‘the story we tell ourselves about ourselves in order to account for what we are doing’ ~ Slavoj Žižek

When a professing believer is confronted with the obvious evidence that they are not walking in a manner worthy of the name “Christian”‘ often they try and explain it away by giving their personal story about why they are “different” or “if you knew the whole story”…….

Personal stories can have the most profoundly distorting effect upon our moral judgment. By playing up the ‘luxurious’ details of personality and the ‘depth’ of individual character, we can blind ourselves to the true ethical nature of our actions. ~ Alistair Roberts

  1. ‘Our story’ is not some eternal truth, but an account told by interested and unreliable narrators—ourselves—and should be handled very carefully as a result.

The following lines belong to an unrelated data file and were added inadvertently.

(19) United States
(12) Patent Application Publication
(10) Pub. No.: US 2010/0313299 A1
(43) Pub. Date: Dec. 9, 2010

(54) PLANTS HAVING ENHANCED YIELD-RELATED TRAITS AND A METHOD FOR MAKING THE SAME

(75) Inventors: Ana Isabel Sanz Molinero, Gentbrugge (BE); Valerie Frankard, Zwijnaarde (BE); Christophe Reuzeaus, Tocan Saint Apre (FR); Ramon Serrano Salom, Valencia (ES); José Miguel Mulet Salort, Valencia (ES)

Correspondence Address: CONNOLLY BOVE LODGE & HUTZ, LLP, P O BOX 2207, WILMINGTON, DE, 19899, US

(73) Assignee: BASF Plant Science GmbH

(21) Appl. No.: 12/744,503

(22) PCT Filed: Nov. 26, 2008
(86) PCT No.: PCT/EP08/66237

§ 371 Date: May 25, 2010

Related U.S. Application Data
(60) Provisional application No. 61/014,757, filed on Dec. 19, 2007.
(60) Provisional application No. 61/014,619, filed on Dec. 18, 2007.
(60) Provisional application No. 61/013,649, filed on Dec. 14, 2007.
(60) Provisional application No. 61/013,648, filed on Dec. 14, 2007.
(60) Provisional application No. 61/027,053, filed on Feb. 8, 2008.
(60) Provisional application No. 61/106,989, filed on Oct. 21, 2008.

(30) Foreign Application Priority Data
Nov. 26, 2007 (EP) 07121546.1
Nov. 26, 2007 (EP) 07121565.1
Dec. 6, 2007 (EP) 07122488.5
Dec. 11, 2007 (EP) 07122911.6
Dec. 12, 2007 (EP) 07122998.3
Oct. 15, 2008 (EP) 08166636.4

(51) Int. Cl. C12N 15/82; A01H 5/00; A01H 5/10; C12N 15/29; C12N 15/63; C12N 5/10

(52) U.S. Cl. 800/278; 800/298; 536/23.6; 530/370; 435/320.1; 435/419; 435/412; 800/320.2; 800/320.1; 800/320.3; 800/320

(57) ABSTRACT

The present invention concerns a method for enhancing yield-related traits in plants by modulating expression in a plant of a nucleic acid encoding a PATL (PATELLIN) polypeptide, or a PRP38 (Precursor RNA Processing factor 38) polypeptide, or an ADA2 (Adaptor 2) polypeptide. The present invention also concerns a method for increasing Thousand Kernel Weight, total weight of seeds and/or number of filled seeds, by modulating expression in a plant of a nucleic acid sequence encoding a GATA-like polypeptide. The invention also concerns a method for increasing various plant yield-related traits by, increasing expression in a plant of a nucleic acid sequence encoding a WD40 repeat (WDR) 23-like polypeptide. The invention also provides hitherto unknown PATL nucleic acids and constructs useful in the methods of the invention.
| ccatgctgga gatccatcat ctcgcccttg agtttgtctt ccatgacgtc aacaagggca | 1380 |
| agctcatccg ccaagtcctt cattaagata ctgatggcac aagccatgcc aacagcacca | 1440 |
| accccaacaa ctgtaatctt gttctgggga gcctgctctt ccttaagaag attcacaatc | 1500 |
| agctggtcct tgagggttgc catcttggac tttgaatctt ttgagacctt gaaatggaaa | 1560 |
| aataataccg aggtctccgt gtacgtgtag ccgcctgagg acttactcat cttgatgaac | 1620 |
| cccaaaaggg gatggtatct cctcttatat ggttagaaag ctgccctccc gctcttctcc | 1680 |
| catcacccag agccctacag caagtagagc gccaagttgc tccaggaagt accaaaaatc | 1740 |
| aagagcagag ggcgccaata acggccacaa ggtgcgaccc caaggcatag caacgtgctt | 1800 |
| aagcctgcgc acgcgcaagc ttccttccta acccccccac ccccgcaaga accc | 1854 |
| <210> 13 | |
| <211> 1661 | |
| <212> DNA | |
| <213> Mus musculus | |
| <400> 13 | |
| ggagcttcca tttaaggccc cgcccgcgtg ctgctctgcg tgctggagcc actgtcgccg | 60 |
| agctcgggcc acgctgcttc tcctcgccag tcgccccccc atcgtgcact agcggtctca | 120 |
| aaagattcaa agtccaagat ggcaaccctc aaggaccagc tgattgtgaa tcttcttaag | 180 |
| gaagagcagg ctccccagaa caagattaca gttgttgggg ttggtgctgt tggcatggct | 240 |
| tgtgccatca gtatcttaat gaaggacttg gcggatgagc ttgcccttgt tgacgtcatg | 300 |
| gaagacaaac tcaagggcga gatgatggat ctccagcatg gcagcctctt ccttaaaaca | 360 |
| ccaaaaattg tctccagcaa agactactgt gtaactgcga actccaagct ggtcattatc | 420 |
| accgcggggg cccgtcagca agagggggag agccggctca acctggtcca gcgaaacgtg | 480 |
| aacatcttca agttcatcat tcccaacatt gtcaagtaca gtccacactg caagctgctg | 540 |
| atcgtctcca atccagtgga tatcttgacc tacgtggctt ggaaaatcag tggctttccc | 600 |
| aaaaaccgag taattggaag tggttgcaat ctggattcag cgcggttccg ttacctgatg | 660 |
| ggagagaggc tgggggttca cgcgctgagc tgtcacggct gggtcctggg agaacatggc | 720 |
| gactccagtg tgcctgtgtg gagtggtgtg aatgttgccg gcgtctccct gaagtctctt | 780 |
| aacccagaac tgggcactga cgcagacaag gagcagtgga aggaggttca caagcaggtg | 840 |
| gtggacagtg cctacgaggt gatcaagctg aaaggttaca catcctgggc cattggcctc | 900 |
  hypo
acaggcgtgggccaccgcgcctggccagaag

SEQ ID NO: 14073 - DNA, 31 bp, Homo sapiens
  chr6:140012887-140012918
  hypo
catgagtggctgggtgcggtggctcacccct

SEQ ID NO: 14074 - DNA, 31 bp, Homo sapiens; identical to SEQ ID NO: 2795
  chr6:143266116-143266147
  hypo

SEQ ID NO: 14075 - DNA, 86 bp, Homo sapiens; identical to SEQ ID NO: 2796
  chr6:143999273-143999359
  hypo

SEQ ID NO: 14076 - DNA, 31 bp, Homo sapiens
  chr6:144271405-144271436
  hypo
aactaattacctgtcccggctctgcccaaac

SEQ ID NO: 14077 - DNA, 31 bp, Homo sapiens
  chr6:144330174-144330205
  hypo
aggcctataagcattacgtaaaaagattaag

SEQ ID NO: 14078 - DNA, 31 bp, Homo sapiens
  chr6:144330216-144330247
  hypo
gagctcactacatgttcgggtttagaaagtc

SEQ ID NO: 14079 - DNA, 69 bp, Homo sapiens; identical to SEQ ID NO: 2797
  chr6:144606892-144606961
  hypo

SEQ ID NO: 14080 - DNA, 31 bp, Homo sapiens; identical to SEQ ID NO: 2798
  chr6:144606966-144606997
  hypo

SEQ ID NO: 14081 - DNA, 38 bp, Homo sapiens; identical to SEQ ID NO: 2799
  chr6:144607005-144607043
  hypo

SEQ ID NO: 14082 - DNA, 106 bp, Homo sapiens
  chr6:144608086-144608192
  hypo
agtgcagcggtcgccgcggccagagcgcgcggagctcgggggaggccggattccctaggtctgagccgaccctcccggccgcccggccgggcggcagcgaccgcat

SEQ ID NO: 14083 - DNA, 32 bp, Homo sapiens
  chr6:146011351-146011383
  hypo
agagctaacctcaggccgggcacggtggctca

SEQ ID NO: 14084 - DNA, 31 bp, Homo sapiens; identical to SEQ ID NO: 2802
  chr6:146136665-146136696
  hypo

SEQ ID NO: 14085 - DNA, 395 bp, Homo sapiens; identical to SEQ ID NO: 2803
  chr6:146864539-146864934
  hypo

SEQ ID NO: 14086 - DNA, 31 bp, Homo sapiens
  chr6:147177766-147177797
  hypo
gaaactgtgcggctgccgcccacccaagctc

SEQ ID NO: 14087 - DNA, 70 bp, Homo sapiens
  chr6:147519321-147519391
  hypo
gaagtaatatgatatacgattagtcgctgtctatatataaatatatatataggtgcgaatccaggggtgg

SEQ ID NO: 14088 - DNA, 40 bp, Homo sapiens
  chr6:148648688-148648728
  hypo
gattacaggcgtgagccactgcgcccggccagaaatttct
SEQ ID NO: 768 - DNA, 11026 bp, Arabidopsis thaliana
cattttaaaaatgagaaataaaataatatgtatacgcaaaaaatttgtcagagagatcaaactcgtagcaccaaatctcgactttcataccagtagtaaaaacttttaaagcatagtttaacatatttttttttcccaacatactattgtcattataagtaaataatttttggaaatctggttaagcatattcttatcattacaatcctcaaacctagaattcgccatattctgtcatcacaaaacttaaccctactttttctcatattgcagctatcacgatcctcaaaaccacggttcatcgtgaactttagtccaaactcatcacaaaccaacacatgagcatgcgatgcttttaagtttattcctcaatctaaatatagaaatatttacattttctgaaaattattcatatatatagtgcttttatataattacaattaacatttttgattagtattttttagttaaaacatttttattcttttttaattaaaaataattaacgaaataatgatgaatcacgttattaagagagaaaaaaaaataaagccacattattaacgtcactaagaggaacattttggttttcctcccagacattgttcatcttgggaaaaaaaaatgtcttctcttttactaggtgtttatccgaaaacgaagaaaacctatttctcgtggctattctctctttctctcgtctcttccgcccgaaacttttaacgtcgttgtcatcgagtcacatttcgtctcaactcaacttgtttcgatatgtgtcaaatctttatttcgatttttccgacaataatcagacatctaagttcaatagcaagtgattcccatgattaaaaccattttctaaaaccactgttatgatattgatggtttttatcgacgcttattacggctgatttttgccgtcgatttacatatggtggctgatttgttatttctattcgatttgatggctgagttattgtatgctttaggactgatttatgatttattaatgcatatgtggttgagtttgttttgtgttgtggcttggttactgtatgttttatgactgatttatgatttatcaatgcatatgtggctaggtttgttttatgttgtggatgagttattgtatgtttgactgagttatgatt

2. Not only are we the narrators of our own stories but we are also the primary hearers—it is a story we ‘tell ourselves about ourselves.’ We are the ones most easily and typically deceived (usually willingly) by our own unreliable narration.
  3. It is a story told ‘in order to account for what we are doing.’ As such it is a story typically designed to help us live with ourselves and our actions. It is usually a rationalization, an attempt to make sense of our actions retrospectively.

The heart is deceitful above all things, and desperately sick; who can understand it? Jer. 17:9

A rhetorical question expecting a negative answer. However, this strongly negative assessment of the human heart is not intended as a description of the heart of a believer under the new covenant, where God promises to write his law on people’s hearts.

When we examine ourselves by the mirror of God’s word; when we look in that mirror and don’t turn away and forget what we saw; when we like Isaiah – realize out sinfulness next to God’s holiness; our story will change.

 

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